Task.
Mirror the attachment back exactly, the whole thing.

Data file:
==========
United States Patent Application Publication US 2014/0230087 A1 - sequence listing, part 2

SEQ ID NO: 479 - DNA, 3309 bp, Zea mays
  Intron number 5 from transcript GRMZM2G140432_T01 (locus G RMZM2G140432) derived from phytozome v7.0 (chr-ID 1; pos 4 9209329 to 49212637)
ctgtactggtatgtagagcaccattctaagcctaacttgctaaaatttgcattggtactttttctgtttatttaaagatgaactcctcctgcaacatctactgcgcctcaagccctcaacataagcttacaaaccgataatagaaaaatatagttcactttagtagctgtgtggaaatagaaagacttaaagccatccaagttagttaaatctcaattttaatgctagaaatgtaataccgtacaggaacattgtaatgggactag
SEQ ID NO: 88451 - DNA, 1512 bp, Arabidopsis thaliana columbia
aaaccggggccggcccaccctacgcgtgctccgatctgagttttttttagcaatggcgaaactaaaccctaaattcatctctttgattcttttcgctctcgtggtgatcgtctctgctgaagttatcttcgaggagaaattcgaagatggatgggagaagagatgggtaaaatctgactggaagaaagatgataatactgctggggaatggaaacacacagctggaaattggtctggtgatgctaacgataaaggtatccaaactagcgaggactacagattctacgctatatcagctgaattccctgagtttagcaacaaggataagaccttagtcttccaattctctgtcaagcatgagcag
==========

United States Patent Application Publication US 2014/0230087 A1 - sequence listing, part 2

SEQ ID NO: 479 - DNA, 3309 bp, Zea mays
  Intron number 5 from transcript GRMZM2G140432_T01 (locus G RMZM2G140432) derived from phytozome v7.0 (chr-ID 1; pos 4 9209329 to 49212637)
ctgtactggtatgtagagcaccattctaagcctaacttgctaaaatttgcattggtactttttctgtttatttaaagatgaactcctcctgcaacatctactgcgcctcaagccctcaacataagcttacaaaccgataatagaaaaatatagttcactttagtagctgtgtggaaatagaaagacttaaagccatccaagttagttaaatctcaattttaatgctagaaatgtaataccgtacaggaacattgtaatgggactag
SEQ ID NO: 88451 - DNA, 1512 bp, Arabidopsis thaliana columbia
aaaccggggccggcccaccctacgcgtgctccgatctgagttttttttagcaatggcgaaactaaaccctaaattcatctctttgattcttttcgctctcgtggtgatcgtctctgctgaagttatcttcgaggagaaattcgaagatggatgggagaagagatgggtaaaatctgactggaagaaagatgataatactgctggggaatggaaacacacagctggaaattggtctggtgatgctaacgataaaggtatccaaactagcgaggactacagattctacgctatatcagctgaattccctgagtttagcaacaaggataagaccttagtcttccaattctctgtcaagcatgagcag